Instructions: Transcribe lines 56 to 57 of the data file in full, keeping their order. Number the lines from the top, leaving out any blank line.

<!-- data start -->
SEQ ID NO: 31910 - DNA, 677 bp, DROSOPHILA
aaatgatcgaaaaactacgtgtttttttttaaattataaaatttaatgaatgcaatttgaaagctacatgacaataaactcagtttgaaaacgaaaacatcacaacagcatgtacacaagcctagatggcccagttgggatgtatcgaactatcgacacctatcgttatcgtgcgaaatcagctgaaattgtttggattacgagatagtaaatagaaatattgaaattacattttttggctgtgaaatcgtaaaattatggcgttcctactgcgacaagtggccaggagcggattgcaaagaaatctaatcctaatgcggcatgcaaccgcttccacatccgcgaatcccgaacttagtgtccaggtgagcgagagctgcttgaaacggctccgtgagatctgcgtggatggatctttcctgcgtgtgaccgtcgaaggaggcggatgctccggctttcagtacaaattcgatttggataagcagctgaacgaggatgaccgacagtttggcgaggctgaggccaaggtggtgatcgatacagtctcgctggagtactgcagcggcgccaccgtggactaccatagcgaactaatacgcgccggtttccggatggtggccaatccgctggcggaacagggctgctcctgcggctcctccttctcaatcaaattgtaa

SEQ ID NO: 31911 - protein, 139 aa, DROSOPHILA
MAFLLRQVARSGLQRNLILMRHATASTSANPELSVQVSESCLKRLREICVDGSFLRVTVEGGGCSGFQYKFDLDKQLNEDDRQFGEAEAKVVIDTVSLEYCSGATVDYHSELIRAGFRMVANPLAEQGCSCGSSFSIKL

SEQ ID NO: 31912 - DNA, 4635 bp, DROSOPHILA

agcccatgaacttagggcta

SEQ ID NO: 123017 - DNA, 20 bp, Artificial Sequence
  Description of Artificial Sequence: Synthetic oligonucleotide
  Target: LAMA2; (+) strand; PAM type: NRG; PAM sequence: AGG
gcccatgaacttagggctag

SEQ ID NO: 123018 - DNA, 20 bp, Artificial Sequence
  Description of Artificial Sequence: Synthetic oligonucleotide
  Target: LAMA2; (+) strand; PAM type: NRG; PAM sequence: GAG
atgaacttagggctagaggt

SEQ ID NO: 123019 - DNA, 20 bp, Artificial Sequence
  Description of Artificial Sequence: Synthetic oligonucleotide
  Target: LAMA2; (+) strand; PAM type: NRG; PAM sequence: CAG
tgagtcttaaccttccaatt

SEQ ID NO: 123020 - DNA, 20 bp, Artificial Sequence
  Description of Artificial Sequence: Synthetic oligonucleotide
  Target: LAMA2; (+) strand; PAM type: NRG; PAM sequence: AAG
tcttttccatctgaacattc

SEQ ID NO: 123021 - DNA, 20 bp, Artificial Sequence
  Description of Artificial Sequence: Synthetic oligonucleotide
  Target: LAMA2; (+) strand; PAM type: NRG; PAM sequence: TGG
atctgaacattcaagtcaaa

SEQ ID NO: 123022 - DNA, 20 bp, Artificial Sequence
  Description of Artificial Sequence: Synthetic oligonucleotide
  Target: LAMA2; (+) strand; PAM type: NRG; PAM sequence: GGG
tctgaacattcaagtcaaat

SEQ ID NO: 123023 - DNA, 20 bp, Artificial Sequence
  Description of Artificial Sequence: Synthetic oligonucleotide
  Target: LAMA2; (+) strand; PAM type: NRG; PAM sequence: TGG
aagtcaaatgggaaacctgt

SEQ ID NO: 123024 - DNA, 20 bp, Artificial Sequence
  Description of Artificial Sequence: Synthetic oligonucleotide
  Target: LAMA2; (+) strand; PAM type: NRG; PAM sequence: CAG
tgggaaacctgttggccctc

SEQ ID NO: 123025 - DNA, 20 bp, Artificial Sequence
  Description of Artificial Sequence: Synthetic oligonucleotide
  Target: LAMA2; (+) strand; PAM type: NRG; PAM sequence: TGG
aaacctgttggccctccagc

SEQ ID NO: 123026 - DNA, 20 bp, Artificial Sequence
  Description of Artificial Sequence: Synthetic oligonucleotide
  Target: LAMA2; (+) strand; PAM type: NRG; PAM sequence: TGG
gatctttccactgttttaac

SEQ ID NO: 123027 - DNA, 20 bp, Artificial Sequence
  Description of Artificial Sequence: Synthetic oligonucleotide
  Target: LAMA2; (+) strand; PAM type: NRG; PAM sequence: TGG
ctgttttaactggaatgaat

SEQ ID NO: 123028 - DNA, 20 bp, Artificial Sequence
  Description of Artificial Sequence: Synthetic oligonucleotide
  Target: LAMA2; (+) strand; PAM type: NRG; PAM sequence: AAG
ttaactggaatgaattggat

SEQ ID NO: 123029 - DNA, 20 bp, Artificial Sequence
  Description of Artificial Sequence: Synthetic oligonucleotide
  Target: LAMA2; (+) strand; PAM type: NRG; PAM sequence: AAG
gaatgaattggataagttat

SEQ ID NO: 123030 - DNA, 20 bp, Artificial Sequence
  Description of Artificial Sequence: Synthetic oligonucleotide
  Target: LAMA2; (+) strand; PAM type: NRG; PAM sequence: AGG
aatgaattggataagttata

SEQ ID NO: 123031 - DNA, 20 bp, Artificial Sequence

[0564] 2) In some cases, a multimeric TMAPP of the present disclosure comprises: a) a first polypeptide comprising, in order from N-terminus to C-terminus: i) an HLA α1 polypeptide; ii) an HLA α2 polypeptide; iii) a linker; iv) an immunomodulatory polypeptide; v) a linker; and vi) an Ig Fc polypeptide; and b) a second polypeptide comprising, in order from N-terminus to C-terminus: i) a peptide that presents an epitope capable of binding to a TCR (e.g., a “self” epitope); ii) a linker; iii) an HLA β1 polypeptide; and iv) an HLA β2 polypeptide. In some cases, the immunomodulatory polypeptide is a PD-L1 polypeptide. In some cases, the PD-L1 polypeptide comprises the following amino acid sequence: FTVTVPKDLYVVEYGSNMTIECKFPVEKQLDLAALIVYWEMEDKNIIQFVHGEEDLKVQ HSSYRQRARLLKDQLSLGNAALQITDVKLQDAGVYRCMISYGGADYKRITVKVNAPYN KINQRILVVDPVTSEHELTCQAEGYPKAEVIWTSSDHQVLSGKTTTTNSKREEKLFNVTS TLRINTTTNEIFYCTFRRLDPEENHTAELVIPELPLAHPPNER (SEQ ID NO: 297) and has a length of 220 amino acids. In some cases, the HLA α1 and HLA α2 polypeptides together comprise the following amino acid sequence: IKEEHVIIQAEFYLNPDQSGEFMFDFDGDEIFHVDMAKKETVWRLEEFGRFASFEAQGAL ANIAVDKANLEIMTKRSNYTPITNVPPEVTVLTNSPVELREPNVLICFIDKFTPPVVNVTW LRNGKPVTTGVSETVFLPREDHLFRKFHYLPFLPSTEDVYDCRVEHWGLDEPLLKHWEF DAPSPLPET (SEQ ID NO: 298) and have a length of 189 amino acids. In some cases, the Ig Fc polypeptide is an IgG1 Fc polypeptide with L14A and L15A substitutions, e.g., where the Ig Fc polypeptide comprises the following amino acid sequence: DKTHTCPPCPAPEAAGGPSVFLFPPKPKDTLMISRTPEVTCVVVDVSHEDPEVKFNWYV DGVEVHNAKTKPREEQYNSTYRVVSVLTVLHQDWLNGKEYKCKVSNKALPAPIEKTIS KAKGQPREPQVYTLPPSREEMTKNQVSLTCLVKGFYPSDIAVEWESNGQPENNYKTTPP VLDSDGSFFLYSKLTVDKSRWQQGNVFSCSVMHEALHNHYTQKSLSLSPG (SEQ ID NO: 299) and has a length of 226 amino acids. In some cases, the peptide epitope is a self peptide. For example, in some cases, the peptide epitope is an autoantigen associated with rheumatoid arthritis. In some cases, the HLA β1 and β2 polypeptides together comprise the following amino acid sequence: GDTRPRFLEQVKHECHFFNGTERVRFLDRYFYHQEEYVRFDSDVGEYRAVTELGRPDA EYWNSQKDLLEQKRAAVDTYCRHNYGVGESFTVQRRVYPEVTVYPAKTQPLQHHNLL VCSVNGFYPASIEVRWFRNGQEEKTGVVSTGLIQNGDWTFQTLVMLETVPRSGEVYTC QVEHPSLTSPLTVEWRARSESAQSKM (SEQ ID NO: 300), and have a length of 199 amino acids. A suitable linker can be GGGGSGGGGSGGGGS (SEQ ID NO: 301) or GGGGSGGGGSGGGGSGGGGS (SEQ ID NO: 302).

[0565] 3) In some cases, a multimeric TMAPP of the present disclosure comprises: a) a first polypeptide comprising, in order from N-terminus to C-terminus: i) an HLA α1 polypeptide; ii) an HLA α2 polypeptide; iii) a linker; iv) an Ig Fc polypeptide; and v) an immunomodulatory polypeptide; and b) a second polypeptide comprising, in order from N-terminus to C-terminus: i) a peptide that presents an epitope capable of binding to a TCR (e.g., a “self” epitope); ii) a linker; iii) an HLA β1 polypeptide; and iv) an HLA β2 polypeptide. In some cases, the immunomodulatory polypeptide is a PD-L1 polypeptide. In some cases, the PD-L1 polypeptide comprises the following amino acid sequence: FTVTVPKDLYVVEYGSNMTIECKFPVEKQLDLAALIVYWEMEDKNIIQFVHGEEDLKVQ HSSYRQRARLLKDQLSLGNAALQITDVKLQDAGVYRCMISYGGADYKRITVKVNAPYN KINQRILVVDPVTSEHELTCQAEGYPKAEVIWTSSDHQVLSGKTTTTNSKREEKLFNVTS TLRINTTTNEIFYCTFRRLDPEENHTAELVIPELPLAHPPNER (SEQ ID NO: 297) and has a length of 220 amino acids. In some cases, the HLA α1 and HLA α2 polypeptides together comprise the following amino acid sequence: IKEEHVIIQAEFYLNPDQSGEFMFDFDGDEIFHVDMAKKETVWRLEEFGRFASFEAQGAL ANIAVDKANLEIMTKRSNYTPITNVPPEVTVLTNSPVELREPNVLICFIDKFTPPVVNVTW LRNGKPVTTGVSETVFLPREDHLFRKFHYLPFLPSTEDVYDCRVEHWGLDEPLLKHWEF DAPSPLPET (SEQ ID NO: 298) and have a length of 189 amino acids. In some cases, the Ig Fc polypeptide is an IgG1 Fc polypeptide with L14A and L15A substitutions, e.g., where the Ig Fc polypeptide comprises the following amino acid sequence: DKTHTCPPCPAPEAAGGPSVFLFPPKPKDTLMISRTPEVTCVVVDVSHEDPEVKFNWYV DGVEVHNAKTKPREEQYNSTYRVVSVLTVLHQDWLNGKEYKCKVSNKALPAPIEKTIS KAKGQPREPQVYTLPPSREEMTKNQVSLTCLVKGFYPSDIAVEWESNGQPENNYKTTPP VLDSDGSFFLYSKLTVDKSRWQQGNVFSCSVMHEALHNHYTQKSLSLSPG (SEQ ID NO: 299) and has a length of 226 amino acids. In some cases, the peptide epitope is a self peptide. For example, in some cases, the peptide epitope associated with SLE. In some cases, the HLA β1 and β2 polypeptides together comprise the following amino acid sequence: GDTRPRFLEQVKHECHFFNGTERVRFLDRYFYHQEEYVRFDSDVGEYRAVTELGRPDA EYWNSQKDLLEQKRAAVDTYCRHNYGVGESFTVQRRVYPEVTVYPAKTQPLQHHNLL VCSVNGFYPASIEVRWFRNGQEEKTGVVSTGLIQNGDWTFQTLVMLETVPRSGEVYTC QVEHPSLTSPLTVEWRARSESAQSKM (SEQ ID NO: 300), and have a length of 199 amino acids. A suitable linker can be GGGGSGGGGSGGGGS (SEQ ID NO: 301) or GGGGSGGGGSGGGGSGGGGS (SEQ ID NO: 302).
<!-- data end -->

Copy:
  Description of Artificial Sequence: Synthetic oligonucleotide
  Target: LAMA2; (+) strand; PAM type: NRG; PAM sequence: AAG